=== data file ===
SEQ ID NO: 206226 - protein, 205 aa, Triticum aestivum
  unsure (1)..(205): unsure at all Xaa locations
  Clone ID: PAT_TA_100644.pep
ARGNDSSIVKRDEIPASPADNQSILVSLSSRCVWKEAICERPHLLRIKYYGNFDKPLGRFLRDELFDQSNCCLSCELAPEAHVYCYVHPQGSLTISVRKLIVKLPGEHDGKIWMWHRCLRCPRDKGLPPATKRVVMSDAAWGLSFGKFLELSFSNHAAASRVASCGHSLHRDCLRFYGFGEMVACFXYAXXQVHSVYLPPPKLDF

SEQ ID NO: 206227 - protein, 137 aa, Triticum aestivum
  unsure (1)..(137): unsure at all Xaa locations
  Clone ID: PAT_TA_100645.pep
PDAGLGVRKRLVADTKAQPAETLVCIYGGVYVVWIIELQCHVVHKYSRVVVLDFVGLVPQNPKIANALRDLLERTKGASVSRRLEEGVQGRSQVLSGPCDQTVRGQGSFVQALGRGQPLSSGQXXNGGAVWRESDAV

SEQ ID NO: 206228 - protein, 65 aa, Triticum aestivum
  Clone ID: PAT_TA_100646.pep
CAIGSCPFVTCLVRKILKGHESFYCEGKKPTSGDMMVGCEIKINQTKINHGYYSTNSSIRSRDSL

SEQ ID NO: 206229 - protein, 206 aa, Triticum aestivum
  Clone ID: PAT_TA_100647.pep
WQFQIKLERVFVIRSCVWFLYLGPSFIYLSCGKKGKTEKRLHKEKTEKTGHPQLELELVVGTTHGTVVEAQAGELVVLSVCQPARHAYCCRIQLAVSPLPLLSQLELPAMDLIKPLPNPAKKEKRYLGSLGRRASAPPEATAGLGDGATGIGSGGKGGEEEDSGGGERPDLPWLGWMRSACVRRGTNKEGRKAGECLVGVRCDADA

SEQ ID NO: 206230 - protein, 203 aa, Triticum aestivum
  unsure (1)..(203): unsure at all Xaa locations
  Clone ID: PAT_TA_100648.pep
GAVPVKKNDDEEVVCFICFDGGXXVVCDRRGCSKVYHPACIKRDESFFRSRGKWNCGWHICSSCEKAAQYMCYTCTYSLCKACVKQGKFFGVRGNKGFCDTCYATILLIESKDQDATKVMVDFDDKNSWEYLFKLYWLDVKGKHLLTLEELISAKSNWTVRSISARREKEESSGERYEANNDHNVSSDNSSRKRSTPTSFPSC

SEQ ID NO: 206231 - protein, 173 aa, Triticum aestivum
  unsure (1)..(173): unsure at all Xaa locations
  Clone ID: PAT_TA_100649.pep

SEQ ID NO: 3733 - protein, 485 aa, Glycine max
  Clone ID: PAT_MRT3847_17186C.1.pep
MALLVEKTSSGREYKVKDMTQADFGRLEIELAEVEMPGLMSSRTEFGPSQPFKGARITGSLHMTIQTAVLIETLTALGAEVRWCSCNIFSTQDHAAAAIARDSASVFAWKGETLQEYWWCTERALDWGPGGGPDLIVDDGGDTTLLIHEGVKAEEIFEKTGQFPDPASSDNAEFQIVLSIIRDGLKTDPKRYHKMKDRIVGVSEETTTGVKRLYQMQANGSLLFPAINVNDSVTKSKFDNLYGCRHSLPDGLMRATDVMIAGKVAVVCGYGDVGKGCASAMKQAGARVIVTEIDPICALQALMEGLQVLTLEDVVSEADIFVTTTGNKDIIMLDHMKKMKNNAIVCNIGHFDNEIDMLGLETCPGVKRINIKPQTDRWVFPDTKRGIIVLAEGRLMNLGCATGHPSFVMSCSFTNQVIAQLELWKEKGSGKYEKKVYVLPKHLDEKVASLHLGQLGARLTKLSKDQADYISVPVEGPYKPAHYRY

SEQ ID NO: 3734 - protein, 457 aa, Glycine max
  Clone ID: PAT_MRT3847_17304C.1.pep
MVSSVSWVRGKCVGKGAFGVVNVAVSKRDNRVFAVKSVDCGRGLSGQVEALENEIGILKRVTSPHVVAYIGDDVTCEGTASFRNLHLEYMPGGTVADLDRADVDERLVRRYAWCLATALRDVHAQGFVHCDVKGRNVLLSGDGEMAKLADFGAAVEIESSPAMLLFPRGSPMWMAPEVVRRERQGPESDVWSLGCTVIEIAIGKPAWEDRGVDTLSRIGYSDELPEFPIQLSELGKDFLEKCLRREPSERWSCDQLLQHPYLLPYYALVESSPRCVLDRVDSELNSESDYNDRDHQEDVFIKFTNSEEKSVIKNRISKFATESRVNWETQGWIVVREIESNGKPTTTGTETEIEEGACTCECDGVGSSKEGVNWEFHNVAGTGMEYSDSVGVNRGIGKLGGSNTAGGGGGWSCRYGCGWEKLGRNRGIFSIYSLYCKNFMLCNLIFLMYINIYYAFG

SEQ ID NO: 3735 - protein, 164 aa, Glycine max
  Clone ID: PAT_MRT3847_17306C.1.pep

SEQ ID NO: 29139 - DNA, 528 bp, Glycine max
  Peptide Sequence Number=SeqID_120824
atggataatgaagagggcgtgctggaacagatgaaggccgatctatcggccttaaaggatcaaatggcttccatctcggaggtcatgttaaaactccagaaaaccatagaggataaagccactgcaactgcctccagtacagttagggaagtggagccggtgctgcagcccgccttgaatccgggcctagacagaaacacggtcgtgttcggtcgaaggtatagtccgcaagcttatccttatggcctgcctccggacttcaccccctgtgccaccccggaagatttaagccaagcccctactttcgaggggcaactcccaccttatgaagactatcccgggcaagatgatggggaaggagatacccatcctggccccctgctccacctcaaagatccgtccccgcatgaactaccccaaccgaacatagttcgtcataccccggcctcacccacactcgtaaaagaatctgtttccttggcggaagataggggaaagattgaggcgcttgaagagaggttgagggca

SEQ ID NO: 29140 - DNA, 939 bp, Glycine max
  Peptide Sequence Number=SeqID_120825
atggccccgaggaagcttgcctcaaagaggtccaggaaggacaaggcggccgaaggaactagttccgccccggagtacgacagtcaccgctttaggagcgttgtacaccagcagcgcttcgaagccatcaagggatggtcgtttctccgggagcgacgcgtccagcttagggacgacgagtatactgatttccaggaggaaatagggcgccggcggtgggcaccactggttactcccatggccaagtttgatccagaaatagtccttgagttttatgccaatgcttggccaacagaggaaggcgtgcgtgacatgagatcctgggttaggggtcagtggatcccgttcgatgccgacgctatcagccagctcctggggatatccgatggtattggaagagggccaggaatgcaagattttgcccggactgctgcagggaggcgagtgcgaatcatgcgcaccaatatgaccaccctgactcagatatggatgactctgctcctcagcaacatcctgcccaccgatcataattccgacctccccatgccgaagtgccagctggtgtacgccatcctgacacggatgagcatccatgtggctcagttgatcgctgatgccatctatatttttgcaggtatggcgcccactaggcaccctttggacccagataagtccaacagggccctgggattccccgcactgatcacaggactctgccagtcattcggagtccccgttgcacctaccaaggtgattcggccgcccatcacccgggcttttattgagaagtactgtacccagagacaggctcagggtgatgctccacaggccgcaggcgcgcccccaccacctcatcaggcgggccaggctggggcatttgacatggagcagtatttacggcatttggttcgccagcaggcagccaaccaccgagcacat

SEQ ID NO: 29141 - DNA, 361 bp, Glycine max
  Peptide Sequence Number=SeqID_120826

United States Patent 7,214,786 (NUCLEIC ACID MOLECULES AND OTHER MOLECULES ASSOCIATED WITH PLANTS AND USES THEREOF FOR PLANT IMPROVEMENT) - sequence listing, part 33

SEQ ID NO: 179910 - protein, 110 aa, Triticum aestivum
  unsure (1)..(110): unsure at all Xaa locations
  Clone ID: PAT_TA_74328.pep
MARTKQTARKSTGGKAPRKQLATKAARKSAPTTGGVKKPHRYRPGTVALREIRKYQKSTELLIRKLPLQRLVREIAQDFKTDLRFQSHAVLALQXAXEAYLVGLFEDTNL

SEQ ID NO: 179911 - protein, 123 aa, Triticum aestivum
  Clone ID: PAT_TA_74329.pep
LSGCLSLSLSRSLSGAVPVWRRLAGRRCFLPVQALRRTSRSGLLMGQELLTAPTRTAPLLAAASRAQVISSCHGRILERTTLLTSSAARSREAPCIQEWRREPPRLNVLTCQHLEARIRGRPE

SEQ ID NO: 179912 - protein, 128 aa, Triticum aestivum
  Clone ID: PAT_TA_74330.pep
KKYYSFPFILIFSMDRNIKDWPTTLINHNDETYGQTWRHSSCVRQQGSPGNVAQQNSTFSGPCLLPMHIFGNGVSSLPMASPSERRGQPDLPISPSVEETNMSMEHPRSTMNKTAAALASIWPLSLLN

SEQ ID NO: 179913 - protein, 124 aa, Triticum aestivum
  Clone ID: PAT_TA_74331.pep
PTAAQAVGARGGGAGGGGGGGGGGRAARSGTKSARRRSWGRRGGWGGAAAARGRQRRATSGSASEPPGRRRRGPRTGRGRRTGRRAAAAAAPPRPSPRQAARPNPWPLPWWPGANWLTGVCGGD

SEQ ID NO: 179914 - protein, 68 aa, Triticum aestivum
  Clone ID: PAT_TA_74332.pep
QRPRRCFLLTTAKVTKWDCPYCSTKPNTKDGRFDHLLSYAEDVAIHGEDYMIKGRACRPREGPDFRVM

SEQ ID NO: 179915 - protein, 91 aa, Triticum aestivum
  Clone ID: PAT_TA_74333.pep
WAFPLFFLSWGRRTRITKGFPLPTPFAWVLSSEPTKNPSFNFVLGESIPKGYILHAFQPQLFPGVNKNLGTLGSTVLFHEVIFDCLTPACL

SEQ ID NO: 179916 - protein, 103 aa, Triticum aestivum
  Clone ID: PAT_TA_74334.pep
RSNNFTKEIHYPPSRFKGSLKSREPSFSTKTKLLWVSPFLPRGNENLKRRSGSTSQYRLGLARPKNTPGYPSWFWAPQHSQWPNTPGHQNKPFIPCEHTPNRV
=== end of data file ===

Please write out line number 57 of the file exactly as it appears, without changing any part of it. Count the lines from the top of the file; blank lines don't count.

WAFPLFFLSWGRRTRITKGFPLPTPFAWVLSSEPTKNPSFNFVLGESIPKGYILHAFQPQLFPGVNKNLGTLGSTVLFHEVIFDCLTPACL